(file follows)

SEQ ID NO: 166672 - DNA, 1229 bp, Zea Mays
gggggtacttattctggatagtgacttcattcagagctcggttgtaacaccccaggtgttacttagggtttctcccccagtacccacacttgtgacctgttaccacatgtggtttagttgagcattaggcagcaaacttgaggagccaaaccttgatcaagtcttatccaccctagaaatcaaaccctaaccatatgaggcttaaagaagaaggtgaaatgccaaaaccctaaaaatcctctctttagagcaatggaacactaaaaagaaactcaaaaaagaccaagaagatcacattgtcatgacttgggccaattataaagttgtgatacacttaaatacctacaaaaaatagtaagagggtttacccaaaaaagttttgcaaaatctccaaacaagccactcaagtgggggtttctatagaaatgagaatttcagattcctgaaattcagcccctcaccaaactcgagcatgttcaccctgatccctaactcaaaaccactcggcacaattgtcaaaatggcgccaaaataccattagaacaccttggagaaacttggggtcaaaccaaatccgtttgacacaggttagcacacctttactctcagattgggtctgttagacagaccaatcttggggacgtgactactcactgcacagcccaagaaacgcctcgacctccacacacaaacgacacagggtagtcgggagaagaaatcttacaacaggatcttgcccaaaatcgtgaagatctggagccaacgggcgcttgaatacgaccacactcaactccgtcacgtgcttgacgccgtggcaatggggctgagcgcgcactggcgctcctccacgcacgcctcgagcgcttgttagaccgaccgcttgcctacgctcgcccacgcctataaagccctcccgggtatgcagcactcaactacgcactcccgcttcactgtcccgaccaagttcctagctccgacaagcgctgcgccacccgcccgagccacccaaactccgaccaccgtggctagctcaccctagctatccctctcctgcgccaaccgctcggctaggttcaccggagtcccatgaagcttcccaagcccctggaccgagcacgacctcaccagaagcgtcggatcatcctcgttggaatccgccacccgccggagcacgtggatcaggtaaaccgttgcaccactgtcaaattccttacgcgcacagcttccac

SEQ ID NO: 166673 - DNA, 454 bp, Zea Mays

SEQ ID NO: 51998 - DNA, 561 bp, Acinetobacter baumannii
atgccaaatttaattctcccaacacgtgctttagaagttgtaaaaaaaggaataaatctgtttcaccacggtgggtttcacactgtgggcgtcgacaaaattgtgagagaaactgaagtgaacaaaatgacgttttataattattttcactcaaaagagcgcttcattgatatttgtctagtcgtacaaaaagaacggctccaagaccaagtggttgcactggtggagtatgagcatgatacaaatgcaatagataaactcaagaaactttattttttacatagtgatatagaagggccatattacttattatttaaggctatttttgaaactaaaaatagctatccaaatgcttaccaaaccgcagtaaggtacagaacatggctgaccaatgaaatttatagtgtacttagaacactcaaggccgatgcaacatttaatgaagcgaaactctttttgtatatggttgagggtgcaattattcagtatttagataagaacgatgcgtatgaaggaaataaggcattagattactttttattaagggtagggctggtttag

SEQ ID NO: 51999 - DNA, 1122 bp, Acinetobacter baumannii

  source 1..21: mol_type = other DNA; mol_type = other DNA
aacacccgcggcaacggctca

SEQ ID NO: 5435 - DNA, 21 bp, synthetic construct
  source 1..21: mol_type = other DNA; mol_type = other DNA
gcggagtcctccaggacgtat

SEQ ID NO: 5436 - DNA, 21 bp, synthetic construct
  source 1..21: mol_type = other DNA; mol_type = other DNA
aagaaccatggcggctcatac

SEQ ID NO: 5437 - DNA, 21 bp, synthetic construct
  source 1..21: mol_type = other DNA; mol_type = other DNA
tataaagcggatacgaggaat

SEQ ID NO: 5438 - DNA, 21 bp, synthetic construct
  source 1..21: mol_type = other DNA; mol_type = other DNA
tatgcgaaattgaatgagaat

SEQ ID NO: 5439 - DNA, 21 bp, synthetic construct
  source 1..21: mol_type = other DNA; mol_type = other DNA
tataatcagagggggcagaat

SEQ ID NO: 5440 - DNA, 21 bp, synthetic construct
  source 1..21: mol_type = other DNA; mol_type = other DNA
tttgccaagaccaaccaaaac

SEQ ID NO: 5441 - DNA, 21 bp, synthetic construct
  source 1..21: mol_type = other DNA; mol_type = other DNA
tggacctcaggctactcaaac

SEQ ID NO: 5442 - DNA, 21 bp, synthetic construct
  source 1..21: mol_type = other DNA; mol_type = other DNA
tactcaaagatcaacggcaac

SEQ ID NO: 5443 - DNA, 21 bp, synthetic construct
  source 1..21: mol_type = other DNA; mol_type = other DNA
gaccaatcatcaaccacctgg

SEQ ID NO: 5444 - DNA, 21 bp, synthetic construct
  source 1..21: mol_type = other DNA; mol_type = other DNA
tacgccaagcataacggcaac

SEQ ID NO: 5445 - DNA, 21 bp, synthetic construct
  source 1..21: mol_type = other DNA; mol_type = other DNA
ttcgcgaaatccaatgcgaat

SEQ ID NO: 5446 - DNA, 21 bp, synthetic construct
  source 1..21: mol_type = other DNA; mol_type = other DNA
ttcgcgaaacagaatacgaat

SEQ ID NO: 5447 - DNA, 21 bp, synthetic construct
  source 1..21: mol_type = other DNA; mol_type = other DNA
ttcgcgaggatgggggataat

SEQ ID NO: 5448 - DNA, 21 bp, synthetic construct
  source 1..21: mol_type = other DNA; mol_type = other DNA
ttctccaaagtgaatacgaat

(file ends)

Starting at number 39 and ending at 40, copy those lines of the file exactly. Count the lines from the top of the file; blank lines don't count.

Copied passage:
SEQ ID NO: 5445 - DNA, 21 bp, synthetic construct
  source 1..21: mol_type = other DNA; mol_type = other DNA